I filed a police report, and I’ve searched the local classifieds and craigslist, but so far, no luck. A friend of mine put together a GoFundMe page for her. I know this is not your problem, but the trike will cost a little over $400 to replace, and I just don’t have the money. If you can help out, that would be great. If not, at least share the link. Any help would be appreciated.

A New Bike for the Brownie


Nifty logo of words in a fishbowl

Ticking in a Fishbowl

I am determined to have a better week than last week. Ticking cost me a lot of writing time, and I refuse to let it beat me again. Obviously, I can’t command my body & mind to obey my will with the snap of my fingers, but I’m pretty certain that if I set my mind to having a better week, and make improvements where I can, then I can see some semblance of improvement. At least incrementally, right⸮

That sure sounds like I’m hedging my bets, doesn’t it? Well, last week was pretty bad. I have no idea how this week will turn out, chronic motor tic disorder-wise. I could spend the rest of my week immobile like I spent a lot of last week. Sometimes, living with disabilities is planning for failure while seeking for uptimes. I call it being cynically optimistic. Most normal folk see it only as planning for failure, but that’s usually because they don’t acknowledge mental health disability in the first place. (See my last blog for thoughts on that subject.)

And since I don’t want to spend my day only writing this blog, let’s begin:

Monday: My daughter’s bike theft has taken up a lot of time today, as has straightening out social security issues, but I remain positive that I will not spend all of my day on Twitter and may actually write something worthwhile. To wit, I’ll post this and get busy.

Saturday, July 09, 2016

Insensitive Mental Health Advice People Give, Misquoted

I woke up this morning to discover I had been quoted! Finally! Somebody noticed my insightful commentary on the world and felt it noteworthy to share. I could expect to see a boost in page hits, maybe some social media traction, and dare I hope, more sales of my book, “Saying ‘NO!’ to Suicide”. Then I noticed a tiny problem. As much as I appreciated the signal boost from Healthy Minds on Facebook and Twitter, I wasn’t actually quoted. In fact, I hadn’t said any of the comments attributed to me. The cited quotes were the cheeky bullet points and summaries of the article author, Sabrina Rojas Weiss. Healthy Minds was just trying to bring attention to an important issue, and should be commended for their efforts, but I want to make sure that the right people get attributed.

Just in case you missed the article when I shared it last year, here’s a link: ‘Cancer Is Just An Excuse’ – Insensitive Things People Say About Mental Illness, Translated. It’s a sarcastic take on a problem many people dealing with mental illness face regularly.

Family & friends mean well when they offer advice, but their well-meant suggestions are often hurtful simply because they don’t take a moment to truly understand the nature of the mental health problem. I’ve said this for years. You need to understand the problem so that you can offer helpful solutions. For example, I’m told regularly, “You’re so smart! You should do X job or Y job!!” They mean it as a compliment, but underlying the “compliment” is the assumption that I can simply go out and do what they believe I can do. I say, “Sure, but do you know of a place that will let me call in sick weekly because of ticking and still keep me on?” They don’t. Neither do I. But the problem is that their help ends there until they think of another job I should be trying to do instead—again without consideration of my actual limitations. They don't analyze the situation long enough. In fact, if I don’t take their advice, many of them lose faith in me. It doesn’t mean their advice wasn’t helpful. No, no! I couldn’t mean that. It just means I’m too negative, or defined by my labels, or something. I’ve never been able to make sense of it. My limitation isn’t a lack of gumption. It isn’t a lack of confidence. It isn’t laziness. It’s an actual disability.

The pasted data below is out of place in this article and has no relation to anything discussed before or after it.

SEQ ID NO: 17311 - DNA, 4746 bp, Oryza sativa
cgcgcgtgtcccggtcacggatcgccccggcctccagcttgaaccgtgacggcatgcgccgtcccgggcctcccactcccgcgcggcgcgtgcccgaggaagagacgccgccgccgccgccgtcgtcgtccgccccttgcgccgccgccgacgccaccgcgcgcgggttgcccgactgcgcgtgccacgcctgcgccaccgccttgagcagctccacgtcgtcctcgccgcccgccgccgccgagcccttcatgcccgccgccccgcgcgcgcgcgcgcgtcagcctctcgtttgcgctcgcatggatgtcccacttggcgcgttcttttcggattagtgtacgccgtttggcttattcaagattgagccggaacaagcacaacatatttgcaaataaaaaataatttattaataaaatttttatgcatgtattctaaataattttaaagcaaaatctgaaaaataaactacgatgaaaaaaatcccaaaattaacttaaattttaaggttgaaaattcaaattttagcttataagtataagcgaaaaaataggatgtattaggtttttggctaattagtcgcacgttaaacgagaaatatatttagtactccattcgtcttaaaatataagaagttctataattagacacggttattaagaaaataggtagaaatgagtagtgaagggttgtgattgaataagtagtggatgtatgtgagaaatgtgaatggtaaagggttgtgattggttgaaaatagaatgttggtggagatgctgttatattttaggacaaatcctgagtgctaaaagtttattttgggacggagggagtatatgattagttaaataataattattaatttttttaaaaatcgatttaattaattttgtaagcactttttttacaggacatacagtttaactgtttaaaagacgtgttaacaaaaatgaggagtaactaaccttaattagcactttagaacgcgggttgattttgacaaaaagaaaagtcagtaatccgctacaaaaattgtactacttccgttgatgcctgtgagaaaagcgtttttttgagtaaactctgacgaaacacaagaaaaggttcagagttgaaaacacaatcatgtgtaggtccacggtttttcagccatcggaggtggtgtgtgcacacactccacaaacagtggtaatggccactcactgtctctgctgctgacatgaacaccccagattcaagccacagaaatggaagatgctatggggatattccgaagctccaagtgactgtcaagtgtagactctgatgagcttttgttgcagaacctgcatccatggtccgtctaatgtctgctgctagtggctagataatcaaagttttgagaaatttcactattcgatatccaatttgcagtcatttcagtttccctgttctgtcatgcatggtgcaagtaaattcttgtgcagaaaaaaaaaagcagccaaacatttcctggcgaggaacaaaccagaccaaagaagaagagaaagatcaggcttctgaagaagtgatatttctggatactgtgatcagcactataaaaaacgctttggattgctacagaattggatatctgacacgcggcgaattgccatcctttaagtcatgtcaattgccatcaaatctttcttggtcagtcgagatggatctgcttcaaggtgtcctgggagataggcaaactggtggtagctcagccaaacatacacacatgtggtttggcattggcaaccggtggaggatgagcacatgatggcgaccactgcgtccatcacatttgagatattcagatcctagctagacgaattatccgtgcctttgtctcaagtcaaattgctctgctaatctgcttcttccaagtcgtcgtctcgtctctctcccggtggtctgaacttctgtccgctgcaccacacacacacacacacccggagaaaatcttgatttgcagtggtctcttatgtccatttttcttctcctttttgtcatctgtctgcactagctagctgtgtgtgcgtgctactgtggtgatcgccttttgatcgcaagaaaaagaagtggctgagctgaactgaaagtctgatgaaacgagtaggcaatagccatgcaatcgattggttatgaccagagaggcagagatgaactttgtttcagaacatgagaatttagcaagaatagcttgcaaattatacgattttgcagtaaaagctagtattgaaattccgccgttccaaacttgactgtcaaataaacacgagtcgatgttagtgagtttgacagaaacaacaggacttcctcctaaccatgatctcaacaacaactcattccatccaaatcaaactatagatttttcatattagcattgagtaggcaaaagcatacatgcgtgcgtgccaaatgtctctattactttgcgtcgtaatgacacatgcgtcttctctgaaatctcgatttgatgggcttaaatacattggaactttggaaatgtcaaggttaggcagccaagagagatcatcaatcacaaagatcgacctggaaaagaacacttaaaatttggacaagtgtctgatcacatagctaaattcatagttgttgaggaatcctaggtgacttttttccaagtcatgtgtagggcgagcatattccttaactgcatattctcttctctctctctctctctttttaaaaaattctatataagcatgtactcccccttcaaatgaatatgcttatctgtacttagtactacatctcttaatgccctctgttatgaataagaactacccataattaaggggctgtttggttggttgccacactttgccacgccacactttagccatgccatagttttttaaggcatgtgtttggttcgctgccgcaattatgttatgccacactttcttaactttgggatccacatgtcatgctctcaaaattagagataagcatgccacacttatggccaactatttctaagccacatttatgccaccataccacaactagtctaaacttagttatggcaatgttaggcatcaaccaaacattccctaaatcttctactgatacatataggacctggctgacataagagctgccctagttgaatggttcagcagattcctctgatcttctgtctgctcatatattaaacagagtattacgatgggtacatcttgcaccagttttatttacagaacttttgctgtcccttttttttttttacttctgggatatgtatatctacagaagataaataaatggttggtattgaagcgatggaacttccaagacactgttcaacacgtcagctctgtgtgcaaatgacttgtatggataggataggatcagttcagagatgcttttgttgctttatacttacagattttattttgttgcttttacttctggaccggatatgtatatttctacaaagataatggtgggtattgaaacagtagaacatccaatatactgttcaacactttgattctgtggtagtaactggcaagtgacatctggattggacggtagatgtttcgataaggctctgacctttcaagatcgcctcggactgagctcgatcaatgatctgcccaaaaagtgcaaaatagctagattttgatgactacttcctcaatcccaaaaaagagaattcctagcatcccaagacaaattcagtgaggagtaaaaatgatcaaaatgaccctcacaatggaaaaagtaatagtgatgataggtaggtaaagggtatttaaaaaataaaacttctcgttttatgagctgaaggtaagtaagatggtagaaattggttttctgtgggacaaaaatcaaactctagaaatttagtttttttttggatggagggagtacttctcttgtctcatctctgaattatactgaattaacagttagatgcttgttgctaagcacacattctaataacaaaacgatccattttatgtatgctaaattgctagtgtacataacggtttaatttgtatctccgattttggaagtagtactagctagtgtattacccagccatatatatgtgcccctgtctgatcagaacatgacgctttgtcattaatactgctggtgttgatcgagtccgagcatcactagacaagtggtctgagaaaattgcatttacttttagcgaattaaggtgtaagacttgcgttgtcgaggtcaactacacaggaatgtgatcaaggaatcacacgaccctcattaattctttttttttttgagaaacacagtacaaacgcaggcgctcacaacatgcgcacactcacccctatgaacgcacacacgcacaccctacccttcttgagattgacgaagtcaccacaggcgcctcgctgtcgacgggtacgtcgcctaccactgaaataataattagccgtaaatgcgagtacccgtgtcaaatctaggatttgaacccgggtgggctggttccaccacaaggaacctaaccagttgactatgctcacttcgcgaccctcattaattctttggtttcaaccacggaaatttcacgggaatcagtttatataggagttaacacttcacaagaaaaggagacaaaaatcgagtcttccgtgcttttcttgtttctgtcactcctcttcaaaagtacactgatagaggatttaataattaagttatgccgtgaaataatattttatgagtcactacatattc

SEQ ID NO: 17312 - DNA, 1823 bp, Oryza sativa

Here’s a recent example of my disability at work: The other day I was supposed to write and write and write. I had a month’s worth of blogs to write for here and for Family Guy. Instead, I ticked and vocal ticked the day away. Some of these were paid writing assignments I desperately needed to finish and invoice, but no writing was done that day at all. While ticking, I can’t think properly. My brain is a little busy. But you know, I’m just not trying hard enough, right⸮

Sabrina’s article took different statements from me and other bloggers, then compiled them together. Her point was that you don’t tell blind people to think positively so that they can see better, so why do you tell people with, for example, depression, to just be happier? I believe willpower plays a core part in coping with mental illness. Willpower makes the difference between moving forward while coping with depression versus sitting on the couch Netflix-binging while depressed. Willpower helps me keep trying to master ADHD with coping strategies versus giving into the mental chaos. However, willpower is just one of many coping strategies we need to employ for mental health and recovery. Willpower is a tool, not a cure.